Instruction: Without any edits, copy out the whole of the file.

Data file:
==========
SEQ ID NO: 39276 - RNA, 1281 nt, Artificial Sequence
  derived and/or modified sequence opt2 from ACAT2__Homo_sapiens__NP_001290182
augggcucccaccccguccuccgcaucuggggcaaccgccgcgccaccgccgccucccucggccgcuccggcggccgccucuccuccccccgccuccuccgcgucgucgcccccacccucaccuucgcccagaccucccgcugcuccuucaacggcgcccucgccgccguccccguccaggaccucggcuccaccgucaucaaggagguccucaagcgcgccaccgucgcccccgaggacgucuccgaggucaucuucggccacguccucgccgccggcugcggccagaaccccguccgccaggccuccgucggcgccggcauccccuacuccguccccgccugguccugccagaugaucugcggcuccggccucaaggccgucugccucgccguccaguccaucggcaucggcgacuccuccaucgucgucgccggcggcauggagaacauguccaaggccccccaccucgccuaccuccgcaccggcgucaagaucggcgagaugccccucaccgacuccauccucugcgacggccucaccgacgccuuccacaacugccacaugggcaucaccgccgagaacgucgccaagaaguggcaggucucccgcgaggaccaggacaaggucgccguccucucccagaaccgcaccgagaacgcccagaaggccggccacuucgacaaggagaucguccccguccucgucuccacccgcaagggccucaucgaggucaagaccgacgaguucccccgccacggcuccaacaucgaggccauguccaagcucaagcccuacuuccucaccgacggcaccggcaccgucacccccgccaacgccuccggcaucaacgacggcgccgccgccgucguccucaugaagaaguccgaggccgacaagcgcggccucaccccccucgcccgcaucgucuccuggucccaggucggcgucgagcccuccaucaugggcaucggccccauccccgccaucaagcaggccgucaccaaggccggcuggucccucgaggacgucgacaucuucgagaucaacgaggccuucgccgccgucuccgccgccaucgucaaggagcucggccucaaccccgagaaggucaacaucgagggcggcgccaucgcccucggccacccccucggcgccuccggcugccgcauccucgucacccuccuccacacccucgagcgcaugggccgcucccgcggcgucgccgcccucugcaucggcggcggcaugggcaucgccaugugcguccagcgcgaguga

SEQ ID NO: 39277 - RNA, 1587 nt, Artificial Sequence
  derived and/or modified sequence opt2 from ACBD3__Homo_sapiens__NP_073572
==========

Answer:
SEQ ID NO: 39276 - RNA, 1281 nt, Artificial Sequence
  derived and/or modified sequence opt2 from ACAT2__Homo_sapiens__NP_001290182
augggcucccaccccguccuccgcaucuggggcaaccgccgcgccaccgccgccucccucggccgcuccggcggccgccucuccuccccccgccuccuccgcgucgucgcccccacccucaccuucgcccagaccucccgcugcuccuucaacggcgcccucgccgccguccccguccaggaccucggcuccaccgucaucaaggagguccucaagcgcgccaccgucgcccccgaggacgucuccgaggucaucuucggccacguccucgccgccggcugcggccagaaccccguccgccaggccuccgucggcgccggcauccccuacuccguccccgccugguccugccagaugaucugcggcuccggccucaaggccgucugccucgccguccaguccaucggcaucggcgacuccuccaucgucgucgccggcggcauggagaacauguccaaggccccccaccucgccuaccuccgcaccggcgucaagaucggcgagaugccccucaccgacuccauccucugcgacggccucaccgacgccuuccacaacugccacaugggcaucaccgccgagaacgucgccaagaaguggcaggucucccgcgaggaccaggacaaggucgccguccucucccagaaccgcaccgagaacgcccagaaggccggccacuucgacaaggagaucguccccguccucgucuccacccgcaagggccucaucgaggucaagaccgacgaguucccccgccacggcuccaacaucgaggccauguccaagcucaagcccuacuuccucaccgacggcaccggcaccgucacccccgccaacgccuccggcaucaacgacggcgccgccgccgucguccucaugaagaaguccgaggccgacaagcgcggccucaccccccucgcccgcaucgucuccuggucccaggucggcgucgagcccuccaucaugggcaucggccccauccccgccaucaagcaggccgucaccaaggccggcuggucccucgaggacgucgacaucuucgagaucaacgaggccuucgccgccgucuccgccgccaucgucaaggagcucggccucaaccccgagaaggucaacaucgagggcggcgccaucgcccucggccacccccucggcgccuccggcugccgcauccucgucacccuccuccacacccucgagcgcaugggccgcucccgcggcgucgccgcccucugcaucggcggcggcaugggcaucgccaugugcguccagcgcgaguga

SEQ ID NO: 39277 - RNA, 1587 nt, Artificial Sequence
  derived and/or modified sequence opt2 from ACBD3__Homo_sapiens__NP_073572